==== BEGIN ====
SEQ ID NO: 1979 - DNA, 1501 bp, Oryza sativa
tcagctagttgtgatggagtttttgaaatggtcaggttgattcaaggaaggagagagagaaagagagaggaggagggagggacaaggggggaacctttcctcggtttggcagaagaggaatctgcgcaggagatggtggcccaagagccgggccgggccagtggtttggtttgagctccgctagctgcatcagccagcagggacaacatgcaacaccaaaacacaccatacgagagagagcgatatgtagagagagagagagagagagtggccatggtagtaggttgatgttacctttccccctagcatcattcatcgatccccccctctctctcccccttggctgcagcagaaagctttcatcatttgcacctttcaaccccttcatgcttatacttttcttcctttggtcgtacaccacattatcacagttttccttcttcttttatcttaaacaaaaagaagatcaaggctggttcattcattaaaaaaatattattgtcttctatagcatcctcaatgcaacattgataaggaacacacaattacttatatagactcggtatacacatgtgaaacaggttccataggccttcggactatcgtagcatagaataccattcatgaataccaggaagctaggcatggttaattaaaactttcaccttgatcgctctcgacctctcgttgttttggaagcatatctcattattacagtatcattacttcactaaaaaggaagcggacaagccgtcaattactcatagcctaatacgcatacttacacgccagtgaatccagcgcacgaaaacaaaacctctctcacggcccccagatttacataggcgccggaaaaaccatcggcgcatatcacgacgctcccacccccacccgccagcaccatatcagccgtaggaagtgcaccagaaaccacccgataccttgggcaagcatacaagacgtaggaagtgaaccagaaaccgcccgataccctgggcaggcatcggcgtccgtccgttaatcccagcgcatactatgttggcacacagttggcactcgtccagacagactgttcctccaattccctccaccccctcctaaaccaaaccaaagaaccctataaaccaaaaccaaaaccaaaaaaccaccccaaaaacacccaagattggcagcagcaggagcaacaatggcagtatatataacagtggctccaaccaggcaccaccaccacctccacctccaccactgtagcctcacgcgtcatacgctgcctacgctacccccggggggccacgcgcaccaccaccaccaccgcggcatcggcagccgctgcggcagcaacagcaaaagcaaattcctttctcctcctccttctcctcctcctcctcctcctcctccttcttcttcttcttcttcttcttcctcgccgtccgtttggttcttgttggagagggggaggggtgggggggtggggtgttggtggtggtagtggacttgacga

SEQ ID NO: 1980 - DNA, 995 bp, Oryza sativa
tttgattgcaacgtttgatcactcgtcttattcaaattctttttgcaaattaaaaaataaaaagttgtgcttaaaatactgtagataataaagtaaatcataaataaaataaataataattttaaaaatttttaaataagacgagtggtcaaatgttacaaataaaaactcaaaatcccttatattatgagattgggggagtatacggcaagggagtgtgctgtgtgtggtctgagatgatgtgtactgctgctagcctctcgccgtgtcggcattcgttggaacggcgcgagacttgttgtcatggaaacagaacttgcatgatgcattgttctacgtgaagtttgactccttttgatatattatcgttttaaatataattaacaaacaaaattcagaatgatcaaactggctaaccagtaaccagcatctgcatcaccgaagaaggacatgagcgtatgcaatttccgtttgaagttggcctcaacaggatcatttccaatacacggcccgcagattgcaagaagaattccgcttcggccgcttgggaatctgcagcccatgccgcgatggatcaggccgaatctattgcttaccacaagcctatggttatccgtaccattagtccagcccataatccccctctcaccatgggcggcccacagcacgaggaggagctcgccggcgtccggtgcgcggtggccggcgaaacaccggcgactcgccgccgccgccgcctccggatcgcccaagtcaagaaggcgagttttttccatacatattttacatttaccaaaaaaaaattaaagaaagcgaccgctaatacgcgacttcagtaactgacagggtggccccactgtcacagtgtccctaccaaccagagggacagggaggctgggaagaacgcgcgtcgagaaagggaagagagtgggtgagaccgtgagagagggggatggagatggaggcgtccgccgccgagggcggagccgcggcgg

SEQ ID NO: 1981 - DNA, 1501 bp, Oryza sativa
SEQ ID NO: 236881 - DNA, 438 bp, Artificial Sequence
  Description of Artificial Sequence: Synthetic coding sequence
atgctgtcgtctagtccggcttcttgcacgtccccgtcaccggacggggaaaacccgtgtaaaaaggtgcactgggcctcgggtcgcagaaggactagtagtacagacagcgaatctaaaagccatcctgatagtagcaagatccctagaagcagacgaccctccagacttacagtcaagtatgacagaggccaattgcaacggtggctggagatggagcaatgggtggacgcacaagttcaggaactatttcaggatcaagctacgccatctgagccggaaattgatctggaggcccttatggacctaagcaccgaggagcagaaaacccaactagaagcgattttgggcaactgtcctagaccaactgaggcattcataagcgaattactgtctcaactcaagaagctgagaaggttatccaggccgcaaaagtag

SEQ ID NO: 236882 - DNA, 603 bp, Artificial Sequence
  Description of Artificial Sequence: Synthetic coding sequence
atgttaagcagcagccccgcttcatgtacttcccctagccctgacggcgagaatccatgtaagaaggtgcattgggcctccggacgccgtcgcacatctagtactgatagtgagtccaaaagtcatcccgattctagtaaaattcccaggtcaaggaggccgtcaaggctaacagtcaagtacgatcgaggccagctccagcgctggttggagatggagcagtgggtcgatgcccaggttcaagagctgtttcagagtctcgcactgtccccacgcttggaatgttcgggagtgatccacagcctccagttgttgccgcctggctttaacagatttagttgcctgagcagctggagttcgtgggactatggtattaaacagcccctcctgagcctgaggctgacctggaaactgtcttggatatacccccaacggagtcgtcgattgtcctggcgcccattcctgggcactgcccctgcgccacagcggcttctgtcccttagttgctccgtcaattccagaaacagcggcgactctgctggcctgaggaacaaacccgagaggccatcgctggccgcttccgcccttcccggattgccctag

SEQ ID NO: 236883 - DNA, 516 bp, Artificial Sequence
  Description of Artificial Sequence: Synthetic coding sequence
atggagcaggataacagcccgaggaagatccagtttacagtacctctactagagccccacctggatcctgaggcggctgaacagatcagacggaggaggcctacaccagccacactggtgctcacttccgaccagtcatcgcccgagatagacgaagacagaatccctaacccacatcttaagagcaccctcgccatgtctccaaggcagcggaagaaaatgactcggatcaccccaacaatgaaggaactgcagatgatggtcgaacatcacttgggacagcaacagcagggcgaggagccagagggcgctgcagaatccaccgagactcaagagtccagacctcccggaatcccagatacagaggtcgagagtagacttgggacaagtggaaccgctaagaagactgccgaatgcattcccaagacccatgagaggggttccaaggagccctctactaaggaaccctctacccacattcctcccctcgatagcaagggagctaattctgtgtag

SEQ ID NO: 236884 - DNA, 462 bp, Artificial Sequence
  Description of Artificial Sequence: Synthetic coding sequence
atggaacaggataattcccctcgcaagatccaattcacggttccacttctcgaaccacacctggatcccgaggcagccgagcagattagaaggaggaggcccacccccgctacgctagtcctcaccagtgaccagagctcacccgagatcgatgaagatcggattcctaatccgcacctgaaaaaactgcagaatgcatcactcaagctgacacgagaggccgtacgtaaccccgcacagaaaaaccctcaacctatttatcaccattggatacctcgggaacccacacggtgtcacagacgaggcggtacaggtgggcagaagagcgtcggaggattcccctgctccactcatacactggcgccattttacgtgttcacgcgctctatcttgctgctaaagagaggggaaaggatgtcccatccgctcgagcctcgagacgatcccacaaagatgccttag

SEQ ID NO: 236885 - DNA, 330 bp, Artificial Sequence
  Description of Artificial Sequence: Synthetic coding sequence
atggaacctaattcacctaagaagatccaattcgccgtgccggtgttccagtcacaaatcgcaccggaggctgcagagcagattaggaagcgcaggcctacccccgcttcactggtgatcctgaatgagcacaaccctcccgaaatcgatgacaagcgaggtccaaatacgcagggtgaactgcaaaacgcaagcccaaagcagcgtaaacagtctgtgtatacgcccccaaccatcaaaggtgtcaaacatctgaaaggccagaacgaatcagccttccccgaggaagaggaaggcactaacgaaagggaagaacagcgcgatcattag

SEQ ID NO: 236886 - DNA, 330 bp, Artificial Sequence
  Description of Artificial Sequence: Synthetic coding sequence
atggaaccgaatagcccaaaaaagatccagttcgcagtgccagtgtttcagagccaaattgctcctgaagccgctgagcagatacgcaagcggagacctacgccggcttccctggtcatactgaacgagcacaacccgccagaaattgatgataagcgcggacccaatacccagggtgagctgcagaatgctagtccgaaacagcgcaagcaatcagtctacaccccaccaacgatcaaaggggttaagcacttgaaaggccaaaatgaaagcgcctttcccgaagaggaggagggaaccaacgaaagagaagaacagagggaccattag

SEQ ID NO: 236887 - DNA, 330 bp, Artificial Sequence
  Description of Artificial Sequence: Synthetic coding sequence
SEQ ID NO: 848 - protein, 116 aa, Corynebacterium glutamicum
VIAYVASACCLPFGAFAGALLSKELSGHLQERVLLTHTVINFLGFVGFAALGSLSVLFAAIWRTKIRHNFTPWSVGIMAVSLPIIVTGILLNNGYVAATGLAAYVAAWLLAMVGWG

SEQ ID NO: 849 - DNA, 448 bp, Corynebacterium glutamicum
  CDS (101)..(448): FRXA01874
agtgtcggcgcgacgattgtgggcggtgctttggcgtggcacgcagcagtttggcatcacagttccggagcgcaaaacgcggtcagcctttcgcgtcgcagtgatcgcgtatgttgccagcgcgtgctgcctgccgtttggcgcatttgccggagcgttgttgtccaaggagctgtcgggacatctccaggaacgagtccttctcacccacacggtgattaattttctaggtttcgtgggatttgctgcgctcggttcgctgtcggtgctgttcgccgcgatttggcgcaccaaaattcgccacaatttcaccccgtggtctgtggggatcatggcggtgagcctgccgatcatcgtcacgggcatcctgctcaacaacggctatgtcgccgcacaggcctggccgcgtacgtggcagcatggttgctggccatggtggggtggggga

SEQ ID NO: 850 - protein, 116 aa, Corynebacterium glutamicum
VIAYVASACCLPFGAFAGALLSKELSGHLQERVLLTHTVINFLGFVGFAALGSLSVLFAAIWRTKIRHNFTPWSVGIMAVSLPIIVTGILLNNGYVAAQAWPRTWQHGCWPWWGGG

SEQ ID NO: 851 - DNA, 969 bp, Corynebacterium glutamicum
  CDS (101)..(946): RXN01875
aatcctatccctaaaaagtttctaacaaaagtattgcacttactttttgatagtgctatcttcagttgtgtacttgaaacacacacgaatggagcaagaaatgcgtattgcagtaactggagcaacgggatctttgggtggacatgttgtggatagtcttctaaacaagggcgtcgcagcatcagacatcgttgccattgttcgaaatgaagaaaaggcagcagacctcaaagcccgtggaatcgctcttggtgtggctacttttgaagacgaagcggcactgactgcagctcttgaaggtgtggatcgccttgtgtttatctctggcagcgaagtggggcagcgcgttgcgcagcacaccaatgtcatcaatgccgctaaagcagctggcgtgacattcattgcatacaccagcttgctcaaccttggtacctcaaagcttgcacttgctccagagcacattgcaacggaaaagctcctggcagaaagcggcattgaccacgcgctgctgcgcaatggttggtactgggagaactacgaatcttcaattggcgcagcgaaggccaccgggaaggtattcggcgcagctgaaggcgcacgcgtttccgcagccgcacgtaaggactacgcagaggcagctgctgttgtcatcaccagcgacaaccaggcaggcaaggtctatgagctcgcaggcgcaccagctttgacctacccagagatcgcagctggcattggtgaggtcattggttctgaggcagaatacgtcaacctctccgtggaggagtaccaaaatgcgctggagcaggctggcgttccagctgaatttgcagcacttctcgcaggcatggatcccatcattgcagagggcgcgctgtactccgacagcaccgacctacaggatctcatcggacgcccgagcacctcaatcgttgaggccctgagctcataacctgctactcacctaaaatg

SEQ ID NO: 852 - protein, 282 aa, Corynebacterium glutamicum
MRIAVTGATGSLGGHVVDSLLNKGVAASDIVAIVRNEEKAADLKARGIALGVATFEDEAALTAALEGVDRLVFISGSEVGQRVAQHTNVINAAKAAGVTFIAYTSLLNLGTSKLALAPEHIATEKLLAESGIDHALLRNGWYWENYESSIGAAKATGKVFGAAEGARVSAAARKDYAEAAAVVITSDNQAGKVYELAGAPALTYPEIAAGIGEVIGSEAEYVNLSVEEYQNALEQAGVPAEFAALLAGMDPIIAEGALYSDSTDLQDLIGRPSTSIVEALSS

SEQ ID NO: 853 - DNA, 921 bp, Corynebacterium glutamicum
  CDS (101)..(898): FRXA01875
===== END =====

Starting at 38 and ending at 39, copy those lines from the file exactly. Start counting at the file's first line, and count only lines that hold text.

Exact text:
SEQ ID NO: 853 - DNA, 921 bp, Corynebacterium glutamicum
  CDS (101)..(898): FRXA01875